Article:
In Conversation With Concrete!

Being the second most used material on earth, concrete has an approximate production rate of more than ten billion tonnes throughout the world every year and utilization of as much as 3.5 tonnes per person per year! After its discovery thousands of years ago, it became a prime building material since the 20th century, gaining popularity because of its versatile nature.

Its use in building construction was mainly concentrated around Industrial Architecture during the 19th century but it soon started establishing itself in commercial constructions. The invention and modifications in concrete date back to centuries before modern age concrete was formulated, in the late 1700s.

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How does concrete influence Architectural world:

Concrete structures earned their place in the international style of Architecture since the mid-20th century. Although it is a globally used structural material, its use in creating modern and exposed exteriors are limited to public iconic structures.

Its use in modern buildings gives a raw, rich yet sophisticated look to the buildings, proving that concrete has become a part of our skyline and has earned its place in the Architectural and construction fraternity. Concrete overpowers the rather subtly used materials like glass, wood, and steel to build strong and massive structures.

What makes concrete an important material?

  1. Concrete is an economical material. Compared to other building materials like steel, engineered metals, and composites, the accessibility, and transportation cost of concrete is fairly low.
  2. Concrete can be molded and cast in various forms. It is this quality of concrete that allows experiments and modeling in designing furniture, artifacts and portable equipment.
  3. Durable and versatile! Concrete has proven itself by standing tall in extreme temperature, under pressure and is water-resistant.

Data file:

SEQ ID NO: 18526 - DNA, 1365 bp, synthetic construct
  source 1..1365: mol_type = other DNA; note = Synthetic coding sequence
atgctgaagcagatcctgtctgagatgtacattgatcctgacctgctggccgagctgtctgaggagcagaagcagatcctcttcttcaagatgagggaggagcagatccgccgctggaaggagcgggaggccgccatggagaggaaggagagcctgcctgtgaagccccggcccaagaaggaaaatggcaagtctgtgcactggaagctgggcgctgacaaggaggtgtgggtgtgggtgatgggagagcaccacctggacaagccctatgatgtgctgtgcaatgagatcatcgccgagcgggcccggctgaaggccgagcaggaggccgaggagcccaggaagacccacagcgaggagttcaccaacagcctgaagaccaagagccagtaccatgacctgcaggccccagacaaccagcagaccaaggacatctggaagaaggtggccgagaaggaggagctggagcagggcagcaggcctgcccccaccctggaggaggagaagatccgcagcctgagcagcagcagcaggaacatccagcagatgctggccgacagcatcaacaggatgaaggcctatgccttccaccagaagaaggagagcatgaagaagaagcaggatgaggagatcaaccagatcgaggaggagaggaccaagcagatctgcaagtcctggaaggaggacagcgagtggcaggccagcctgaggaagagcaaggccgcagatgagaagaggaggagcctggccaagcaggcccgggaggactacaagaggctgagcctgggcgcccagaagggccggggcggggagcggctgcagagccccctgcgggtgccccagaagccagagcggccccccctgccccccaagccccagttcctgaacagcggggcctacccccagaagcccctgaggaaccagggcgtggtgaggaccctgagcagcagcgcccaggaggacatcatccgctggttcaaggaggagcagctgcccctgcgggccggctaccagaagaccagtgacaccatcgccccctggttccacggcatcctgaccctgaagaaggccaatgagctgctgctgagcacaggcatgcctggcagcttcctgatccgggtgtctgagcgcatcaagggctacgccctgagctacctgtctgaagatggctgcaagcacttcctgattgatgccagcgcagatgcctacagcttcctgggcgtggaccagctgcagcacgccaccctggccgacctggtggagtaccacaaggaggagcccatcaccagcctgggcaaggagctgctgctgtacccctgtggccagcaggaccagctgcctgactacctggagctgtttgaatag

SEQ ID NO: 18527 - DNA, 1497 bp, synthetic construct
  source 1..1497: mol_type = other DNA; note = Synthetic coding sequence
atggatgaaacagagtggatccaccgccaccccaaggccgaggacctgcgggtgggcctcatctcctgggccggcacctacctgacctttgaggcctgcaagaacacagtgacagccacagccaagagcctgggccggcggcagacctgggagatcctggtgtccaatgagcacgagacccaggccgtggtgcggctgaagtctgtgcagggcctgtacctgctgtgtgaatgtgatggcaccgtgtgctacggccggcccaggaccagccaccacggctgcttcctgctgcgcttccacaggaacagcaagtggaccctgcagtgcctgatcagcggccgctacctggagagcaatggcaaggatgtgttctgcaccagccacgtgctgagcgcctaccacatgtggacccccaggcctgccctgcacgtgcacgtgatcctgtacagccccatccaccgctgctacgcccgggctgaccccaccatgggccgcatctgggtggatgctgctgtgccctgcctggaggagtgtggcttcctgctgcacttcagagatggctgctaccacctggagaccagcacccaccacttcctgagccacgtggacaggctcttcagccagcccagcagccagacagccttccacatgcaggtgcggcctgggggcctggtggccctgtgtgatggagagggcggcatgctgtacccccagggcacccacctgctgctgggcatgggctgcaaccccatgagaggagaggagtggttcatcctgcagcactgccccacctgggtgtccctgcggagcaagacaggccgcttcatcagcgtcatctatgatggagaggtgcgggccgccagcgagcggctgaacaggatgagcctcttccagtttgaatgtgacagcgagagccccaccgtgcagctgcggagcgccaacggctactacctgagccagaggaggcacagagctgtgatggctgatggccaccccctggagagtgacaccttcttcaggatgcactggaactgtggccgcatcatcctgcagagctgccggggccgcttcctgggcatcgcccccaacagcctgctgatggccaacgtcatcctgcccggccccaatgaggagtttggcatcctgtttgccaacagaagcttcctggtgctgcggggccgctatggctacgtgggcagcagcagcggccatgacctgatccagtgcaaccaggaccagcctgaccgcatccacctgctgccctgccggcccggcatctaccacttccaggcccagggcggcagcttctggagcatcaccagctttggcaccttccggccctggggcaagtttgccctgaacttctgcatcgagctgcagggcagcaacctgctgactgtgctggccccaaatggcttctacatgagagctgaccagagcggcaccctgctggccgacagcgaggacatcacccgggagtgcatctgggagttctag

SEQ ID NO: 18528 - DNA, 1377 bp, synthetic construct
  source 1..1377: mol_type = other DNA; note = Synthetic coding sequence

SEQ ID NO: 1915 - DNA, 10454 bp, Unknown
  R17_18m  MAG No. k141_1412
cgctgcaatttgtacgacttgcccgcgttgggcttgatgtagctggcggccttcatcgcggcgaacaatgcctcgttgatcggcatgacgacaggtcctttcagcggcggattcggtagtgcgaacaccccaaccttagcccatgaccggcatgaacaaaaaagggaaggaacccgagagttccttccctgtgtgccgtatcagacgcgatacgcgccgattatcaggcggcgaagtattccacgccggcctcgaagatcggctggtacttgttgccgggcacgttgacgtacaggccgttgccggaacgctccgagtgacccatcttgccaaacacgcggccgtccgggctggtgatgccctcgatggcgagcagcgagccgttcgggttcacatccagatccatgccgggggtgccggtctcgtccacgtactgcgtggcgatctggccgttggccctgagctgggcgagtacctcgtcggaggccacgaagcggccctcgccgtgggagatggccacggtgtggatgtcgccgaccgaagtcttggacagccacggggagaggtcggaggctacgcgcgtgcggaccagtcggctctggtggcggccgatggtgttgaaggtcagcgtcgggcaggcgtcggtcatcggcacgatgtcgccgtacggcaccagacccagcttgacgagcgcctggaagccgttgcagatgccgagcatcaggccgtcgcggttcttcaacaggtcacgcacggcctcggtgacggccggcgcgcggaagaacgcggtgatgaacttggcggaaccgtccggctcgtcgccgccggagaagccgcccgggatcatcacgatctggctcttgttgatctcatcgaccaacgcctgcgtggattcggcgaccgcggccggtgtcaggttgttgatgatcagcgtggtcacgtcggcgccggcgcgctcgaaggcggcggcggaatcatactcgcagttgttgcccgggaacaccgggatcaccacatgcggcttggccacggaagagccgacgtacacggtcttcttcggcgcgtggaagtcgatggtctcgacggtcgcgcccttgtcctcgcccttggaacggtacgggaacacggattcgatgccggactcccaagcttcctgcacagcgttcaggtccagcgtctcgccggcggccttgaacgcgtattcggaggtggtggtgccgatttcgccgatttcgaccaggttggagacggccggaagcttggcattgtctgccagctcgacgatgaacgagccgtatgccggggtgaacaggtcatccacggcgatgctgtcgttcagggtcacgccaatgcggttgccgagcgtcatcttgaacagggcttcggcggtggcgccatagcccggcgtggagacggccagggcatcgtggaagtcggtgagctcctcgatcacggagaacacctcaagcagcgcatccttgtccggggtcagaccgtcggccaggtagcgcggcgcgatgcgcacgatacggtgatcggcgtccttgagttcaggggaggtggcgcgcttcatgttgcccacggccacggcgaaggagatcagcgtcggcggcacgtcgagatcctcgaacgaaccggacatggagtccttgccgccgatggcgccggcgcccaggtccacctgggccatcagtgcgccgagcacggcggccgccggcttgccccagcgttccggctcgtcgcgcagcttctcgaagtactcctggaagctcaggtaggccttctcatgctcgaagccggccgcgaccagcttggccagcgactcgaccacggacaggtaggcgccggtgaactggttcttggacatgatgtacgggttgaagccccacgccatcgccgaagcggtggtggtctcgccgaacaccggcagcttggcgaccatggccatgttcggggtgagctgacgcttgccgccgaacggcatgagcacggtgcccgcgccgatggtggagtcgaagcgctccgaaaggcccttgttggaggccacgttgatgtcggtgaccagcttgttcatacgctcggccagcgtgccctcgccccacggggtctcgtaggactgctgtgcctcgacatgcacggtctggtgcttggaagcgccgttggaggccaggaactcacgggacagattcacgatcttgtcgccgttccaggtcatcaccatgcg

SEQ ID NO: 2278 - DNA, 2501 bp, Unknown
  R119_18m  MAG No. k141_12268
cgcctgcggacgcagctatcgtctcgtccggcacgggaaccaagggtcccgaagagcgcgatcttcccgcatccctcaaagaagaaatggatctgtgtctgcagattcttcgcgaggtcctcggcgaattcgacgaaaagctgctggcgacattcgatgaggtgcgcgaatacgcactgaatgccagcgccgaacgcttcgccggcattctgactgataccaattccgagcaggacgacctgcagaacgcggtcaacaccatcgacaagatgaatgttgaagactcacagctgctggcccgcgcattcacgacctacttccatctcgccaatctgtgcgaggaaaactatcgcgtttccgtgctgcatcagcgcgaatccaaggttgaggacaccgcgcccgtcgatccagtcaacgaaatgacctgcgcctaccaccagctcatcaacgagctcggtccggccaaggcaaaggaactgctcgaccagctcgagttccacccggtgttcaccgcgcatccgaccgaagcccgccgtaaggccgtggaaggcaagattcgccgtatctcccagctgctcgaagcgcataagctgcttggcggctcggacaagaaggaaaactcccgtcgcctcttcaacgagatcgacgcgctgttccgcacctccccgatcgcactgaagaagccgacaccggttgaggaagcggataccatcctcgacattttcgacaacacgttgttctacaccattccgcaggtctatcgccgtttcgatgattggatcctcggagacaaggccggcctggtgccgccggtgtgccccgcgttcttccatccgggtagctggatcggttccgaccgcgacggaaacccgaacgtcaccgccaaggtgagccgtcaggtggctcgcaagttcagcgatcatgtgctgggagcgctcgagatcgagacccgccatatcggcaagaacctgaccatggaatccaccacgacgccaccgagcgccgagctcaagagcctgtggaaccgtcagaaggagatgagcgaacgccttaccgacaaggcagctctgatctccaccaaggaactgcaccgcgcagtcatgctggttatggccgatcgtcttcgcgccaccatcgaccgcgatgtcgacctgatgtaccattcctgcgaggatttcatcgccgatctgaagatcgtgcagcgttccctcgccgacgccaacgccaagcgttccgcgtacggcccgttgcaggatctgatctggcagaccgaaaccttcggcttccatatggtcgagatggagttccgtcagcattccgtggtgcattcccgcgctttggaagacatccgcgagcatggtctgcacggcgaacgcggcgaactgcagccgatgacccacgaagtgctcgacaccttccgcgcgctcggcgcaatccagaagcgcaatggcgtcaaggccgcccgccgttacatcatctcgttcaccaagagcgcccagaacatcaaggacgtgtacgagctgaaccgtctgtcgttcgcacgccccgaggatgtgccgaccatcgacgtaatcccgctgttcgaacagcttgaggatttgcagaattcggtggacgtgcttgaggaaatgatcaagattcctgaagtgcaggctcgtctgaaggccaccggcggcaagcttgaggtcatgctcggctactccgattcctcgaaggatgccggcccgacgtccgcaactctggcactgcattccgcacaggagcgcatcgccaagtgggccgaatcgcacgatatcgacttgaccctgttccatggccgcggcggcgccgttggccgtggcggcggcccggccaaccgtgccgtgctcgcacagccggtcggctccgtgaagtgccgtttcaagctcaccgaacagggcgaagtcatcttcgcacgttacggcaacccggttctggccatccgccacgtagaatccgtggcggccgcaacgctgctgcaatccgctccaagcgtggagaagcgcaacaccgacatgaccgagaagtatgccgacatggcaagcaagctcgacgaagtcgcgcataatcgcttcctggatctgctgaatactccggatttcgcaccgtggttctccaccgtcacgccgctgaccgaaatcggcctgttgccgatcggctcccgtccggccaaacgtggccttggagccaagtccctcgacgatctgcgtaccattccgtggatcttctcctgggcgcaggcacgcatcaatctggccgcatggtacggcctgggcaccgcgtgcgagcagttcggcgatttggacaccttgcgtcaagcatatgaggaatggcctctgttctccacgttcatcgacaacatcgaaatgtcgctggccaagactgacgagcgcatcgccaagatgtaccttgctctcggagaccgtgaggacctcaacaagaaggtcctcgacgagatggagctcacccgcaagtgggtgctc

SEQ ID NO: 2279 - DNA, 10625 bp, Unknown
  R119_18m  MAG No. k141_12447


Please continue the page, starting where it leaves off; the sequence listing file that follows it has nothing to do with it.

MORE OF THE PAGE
4. Heat resistance capacity of concrete allows it to withstand fire accidents for 3-6 hours or longer depending on the level of exposure to heat. The constituents in concrete allow it to resist heat better than steel and timber.

Working with Architectural concrete:

  1. Apart from being one of the core building materials, Concrete is used as a surface finish in exterior or interior design. This decorative element can be an elevation treatment or a feature on the facade, for example, GFRC, which is used in most of the exterior applications.
  2. Mould impressed or form-lined exterior cladding panels also have high design and aesthetic value. These impressions are precast according to a selected pattern and then put together on site.
  3. The creation of outstanding minimalist furniture pieces in concrete have set an example of the versatility of the material. The most common examples of these can include chairs, countertops, tiles, artifacts, etc.

There are some structural masterpieces in the world which inspired many designers to challenge their creativity and build never seen before concrete miracles. This has been achieved by altering colors, textures and assembling different sizes, shapes, and designs of precast concrete boards.

Discussing the advantages of using Architectural concrete, one of the prominent features of it is its resistance to erosion. It can stand in contact with water as well as in high temperatures and changing weather. The older it gets, the stronger it becomes!

One of the major disadvantages while working with concrete still remains tremendous attention to detailing. Although there are many specialized agencies to handle the job, there needs to be an elaborate study of where and how concrete is being used and the load of the building, etc.

5 buildings

Here is a brief look at some of the most iconic concrete miracles in the world!

  1. The Pantheon, Italy

The largest un-reinforced concrete dome of this structure still stands tall after almost 2000 years of its construction.

  1. Falling water, Pennsylvania

The modern architectural icon by Architect Frank Lloyd Wright set a stunning example in reinforced concrete cantilevers and its challenging placement over a waterfall.

  1. Villa Saitan, Japan

A concrete wall built tall with perforations to imitate a tree and its elements, around this collective housing unit, proved to be an outstanding project by the Eastern design office.

  1. Church of the Light, Japan

A minimalist concrete structure with crafted details in its ultimate rawness sets itself as a notable work by Architect Tadao Ando.

  1. Chandigarh Capitol Complex, India

A UNESCO world heritage site, the complex houses three major buildings in its compound. The huge scale of the project, its conception and final result lead it to become an important concrete structure ever to be built in India.

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Ankita Shimpi is an Architect and takes interest in Art, Design and Content Writing. She believes in Exploring and Understanding various aspects of Architecture and technology. Now, being a content writer with, she aspires to share her research and knowledge ranging from Architectural theory, history, technologies and Building materials with all of you!

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